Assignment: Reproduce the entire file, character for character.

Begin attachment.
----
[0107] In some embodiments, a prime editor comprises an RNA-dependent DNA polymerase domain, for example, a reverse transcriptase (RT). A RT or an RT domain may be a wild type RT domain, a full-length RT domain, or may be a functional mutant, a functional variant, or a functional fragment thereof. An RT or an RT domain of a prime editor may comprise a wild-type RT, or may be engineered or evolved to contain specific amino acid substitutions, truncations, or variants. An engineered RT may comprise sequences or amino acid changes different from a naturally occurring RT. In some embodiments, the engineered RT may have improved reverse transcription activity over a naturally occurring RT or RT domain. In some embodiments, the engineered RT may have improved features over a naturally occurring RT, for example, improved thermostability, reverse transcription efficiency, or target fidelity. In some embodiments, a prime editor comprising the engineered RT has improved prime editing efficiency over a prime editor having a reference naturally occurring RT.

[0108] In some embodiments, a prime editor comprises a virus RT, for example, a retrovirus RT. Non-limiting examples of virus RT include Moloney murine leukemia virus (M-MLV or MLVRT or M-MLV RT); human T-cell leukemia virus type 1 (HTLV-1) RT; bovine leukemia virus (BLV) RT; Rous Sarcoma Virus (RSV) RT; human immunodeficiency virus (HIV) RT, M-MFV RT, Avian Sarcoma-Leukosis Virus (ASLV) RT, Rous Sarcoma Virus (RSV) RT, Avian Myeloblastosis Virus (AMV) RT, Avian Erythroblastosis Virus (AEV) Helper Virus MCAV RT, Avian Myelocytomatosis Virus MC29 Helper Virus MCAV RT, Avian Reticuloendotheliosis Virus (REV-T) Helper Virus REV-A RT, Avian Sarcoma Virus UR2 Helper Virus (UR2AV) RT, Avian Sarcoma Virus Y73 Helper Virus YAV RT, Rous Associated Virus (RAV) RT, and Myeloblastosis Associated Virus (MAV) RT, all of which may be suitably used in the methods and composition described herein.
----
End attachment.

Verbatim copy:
[0107] In some embodiments, a prime editor comprises an RNA-dependent DNA polymerase domain, for example, a reverse transcriptase (RT). A RT or an RT domain may be a wild type RT domain, a full-length RT domain, or may be a functional mutant, a functional variant, or a functional fragment thereof. An RT or an RT domain of a prime editor may comprise a wild-type RT, or may be engineered or evolved to contain specific amino acid substitutions, truncations, or variants. An engineered RT may comprise sequences or amino acid changes different from a naturally occurring RT. In some embodiments, the engineered RT may have improved reverse transcription activity over a naturally occurring RT or RT domain. In some embodiments, the engineered RT may have improved features over a naturally occurring RT, for example, improved thermostability, reverse transcription efficiency, or target fidelity. In some embodiments, a prime editor comprising the engineered RT has improved prime editing efficiency over a prime editor having a reference naturally occurring RT.

[0108] In some embodiments, a prime editor comprises a virus RT, for example, a retrovirus RT. Non-limiting examples of virus RT include Moloney murine leukemia virus (M-MLV or MLVRT or M-MLV RT); human T-cell leukemia virus type 1 (HTLV-1) RT; bovine leukemia virus (BLV) RT; Rous Sarcoma Virus (RSV) RT; human immunodeficiency virus (HIV) RT, M-MFV RT, Avian Sarcoma-Leukosis Virus (ASLV) RT, Rous Sarcoma Virus (RSV) RT, Avian Myeloblastosis Virus (AMV) RT, Avian Erythroblastosis Virus (AEV) Helper Virus MCAV RT, Avian Myelocytomatosis Virus MC29 Helper Virus MCAV RT, Avian Reticuloendotheliosis Virus (REV-T) Helper Virus REV-A RT, Avian Sarcoma Virus UR2 Helper Virus (UR2AV) RT, Avian Sarcoma Virus Y73 Helper Virus YAV RT, Rous Associated Virus (RAV) RT, and Myeloblastosis Associated Virus (MAV) RT, all of which may be suitably used in the methods and composition described herein.